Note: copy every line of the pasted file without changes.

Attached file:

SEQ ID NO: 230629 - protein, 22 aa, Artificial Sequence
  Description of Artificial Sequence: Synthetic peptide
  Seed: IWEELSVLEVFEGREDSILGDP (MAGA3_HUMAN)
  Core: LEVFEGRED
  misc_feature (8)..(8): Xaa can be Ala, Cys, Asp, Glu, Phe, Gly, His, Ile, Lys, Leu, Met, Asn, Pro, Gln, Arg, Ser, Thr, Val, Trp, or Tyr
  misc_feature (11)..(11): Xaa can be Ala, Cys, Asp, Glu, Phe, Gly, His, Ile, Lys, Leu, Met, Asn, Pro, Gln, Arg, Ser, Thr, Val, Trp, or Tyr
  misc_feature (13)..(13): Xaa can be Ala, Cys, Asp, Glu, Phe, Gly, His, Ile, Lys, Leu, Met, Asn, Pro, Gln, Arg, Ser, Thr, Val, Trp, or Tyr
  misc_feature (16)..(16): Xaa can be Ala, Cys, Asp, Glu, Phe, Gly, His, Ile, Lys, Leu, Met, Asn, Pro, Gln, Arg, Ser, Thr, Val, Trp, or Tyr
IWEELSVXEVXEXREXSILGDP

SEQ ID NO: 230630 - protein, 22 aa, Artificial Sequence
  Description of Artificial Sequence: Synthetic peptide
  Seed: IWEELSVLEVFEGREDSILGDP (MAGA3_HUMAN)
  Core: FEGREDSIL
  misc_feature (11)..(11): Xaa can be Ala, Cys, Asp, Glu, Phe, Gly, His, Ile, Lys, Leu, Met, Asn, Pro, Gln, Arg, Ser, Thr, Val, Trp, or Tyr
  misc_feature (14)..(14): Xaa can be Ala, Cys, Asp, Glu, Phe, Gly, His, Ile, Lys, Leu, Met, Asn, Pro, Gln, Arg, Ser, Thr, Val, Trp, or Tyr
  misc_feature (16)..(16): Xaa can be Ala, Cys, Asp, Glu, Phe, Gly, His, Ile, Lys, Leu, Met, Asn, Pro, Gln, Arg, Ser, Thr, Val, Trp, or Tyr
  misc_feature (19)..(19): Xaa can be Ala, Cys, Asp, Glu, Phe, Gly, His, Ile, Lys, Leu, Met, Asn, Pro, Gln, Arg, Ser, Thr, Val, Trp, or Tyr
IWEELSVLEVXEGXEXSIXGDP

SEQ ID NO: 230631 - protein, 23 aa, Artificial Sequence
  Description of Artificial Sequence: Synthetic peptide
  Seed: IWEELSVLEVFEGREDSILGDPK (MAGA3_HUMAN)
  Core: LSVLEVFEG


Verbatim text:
SEQ ID NO: 230629 - protein, 22 aa, Artificial Sequence
  Description of Artificial Sequence: Synthetic peptide
  Seed: IWEELSVLEVFEGREDSILGDP (MAGA3_HUMAN)
  Core: LEVFEGRED
  misc_feature (8)..(8): Xaa can be Ala, Cys, Asp, Glu, Phe, Gly, His, Ile, Lys, Leu, Met, Asn, Pro, Gln, Arg, Ser, Thr, Val, Trp, or Tyr
  misc_feature (11)..(11): Xaa can be Ala, Cys, Asp, Glu, Phe, Gly, His, Ile, Lys, Leu, Met, Asn, Pro, Gln, Arg, Ser, Thr, Val, Trp, or Tyr
  misc_feature (13)..(13): Xaa can be Ala, Cys, Asp, Glu, Phe, Gly, His, Ile, Lys, Leu, Met, Asn, Pro, Gln, Arg, Ser, Thr, Val, Trp, or Tyr
  misc_feature (16)..(16): Xaa can be Ala, Cys, Asp, Glu, Phe, Gly, His, Ile, Lys, Leu, Met, Asn, Pro, Gln, Arg, Ser, Thr, Val, Trp, or Tyr
IWEELSVXEVXEXREXSILGDP

SEQ ID NO: 230630 - protein, 22 aa, Artificial Sequence
  Description of Artificial Sequence: Synthetic peptide
  Seed: IWEELSVLEVFEGREDSILGDP (MAGA3_HUMAN)
  Core: FEGREDSIL
  misc_feature (11)..(11): Xaa can be Ala, Cys, Asp, Glu, Phe, Gly, His, Ile, Lys, Leu, Met, Asn, Pro, Gln, Arg, Ser, Thr, Val, Trp, or Tyr
  misc_feature (14)..(14): Xaa can be Ala, Cys, Asp, Glu, Phe, Gly, His, Ile, Lys, Leu, Met, Asn, Pro, Gln, Arg, Ser, Thr, Val, Trp, or Tyr
  misc_feature (16)..(16): Xaa can be Ala, Cys, Asp, Glu, Phe, Gly, His, Ile, Lys, Leu, Met, Asn, Pro, Gln, Arg, Ser, Thr, Val, Trp, or Tyr
  misc_feature (19)..(19): Xaa can be Ala, Cys, Asp, Glu, Phe, Gly, His, Ile, Lys, Leu, Met, Asn, Pro, Gln, Arg, Ser, Thr, Val, Trp, or Tyr
IWEELSVLEVXEGXEXSIXGDP

SEQ ID NO: 230631 - protein, 23 aa, Artificial Sequence
  Description of Artificial Sequence: Synthetic peptide
  Seed: IWEELSVLEVFEGREDSILGDPK (MAGA3_HUMAN)
  Core: LSVLEVFEG